‘It’s going to be a fight.’
Those are the words of Governor Sam Brownback as his administration readies to battle Washington, D.C., over funding for the National Bio- and Agri-Defense Facility.
“I think we’re going to get this done,” Brownback said during a Thursday morning teleconference with reporters. “It’s going to be difficult as we work through the process. The congressional delegation is well focused and doing an excellent job in support of it.”
In a budget presented Monday by President Barack Obama, the administration requested $150 million in the current year, of which only $50 million was appropriated by Congress, which the White House says is insufficient to begin construction.
Obama is asking the Department of Homeland Security to reevaluate the project, while spending $10 million to increase the amount of research being done at Kansas State’s Biosecurity Research Institute. Brownback says to expect these kinds of cuts nationwide over the next several years, regardless of the outcome of November’s Presidential Election.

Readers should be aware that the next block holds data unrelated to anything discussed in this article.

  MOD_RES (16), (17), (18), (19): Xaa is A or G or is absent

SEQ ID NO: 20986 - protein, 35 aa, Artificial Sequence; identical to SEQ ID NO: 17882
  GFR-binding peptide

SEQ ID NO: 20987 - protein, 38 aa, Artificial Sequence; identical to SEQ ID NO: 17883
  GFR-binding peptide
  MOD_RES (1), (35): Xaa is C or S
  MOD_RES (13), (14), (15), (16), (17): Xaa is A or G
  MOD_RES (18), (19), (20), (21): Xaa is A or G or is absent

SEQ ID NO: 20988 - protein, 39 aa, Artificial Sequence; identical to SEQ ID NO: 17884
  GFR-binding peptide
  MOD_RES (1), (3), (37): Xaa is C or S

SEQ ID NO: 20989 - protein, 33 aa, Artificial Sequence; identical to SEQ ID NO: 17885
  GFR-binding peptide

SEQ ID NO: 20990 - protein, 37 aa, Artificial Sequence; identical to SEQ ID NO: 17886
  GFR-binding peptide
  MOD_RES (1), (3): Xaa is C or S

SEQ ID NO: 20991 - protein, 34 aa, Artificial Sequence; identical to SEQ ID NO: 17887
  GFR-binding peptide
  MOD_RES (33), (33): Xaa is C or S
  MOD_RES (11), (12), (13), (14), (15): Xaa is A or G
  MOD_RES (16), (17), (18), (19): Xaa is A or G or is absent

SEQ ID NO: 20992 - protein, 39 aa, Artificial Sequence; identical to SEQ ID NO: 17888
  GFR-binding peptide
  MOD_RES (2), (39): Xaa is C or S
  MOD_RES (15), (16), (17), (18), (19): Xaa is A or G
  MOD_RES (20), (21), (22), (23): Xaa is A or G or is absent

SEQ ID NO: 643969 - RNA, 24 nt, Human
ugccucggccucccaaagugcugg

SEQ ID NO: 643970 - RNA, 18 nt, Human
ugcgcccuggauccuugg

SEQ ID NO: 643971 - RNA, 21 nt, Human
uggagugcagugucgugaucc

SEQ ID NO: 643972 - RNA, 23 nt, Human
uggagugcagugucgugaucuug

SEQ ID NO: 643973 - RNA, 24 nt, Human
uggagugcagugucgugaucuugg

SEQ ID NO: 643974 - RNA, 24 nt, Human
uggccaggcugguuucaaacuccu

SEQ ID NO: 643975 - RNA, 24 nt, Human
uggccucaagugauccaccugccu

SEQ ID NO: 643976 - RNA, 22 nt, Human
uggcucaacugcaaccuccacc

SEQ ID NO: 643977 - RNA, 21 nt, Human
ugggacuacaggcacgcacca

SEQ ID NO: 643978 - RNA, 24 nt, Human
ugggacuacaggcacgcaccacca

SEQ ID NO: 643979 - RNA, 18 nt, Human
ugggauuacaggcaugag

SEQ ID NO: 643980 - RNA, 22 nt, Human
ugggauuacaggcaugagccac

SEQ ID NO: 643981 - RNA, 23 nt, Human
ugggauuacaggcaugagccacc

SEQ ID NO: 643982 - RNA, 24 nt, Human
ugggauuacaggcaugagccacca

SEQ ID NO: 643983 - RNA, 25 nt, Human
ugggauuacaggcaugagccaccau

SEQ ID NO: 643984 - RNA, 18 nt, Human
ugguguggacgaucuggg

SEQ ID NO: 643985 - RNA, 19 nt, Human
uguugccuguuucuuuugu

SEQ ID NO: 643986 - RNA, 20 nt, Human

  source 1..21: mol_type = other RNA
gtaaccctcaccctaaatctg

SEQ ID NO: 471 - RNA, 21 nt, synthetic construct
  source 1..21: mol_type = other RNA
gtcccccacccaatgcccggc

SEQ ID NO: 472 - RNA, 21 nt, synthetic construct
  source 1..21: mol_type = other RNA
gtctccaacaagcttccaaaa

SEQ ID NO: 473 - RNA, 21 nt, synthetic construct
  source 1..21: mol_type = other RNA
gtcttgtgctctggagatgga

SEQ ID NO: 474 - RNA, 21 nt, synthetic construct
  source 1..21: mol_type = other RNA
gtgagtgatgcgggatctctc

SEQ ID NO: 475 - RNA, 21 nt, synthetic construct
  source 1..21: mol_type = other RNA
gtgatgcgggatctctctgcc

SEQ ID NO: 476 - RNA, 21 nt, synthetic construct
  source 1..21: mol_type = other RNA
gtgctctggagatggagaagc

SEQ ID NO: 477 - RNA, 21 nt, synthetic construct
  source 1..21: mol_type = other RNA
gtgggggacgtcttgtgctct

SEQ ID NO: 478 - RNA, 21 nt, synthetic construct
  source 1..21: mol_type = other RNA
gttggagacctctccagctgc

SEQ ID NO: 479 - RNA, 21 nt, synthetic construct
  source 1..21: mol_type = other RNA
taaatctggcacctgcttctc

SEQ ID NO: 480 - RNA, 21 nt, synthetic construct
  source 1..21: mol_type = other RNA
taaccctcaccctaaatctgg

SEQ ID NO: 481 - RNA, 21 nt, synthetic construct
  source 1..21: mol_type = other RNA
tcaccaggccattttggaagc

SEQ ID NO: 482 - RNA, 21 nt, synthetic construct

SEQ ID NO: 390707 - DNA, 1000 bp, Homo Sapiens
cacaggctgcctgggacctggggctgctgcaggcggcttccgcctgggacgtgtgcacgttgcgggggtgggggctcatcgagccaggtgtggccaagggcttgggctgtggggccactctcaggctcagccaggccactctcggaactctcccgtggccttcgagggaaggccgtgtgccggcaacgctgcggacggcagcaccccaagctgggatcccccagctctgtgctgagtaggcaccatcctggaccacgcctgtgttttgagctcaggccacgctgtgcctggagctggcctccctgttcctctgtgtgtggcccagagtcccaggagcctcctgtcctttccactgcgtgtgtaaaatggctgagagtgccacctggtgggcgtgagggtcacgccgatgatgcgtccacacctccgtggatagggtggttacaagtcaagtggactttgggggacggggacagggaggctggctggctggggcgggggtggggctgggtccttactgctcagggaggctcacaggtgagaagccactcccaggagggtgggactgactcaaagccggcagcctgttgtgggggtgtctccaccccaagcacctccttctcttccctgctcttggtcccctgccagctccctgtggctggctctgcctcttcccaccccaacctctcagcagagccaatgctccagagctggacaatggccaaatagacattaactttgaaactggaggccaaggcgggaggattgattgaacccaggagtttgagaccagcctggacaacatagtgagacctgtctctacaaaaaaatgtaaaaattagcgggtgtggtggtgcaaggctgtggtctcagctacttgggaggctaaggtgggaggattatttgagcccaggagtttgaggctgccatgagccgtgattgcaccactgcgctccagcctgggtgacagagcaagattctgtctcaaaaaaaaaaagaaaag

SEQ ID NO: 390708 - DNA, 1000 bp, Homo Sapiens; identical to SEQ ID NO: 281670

“I wouldn’t say we’re being played anymore than any others,” Brownback said. “When you have a federal government that is this out of balance and has a budget control act and, so, is looking out a year or two down the road saying ‘how do we get within this cost constraint?’, they’re looking at everything.”
While NBAF has the support of the Kansas Congressional delegation, Brownback noted it also has a lot of support in the House of Representatives, as well as the Obama Administration, itself. He indicated that he had spoken with Agriculture Secretary Tom Vilsack and Homeland Security Secretary Janet Napolitano about the future of the facility in Manhattan and says he is certain NBAF would get built regardless of the budget fight, saying state officials were working with federal representatives to decide how best to move forward.
Full audio of the NBAF portion of Brownback’s teleconference can be found above.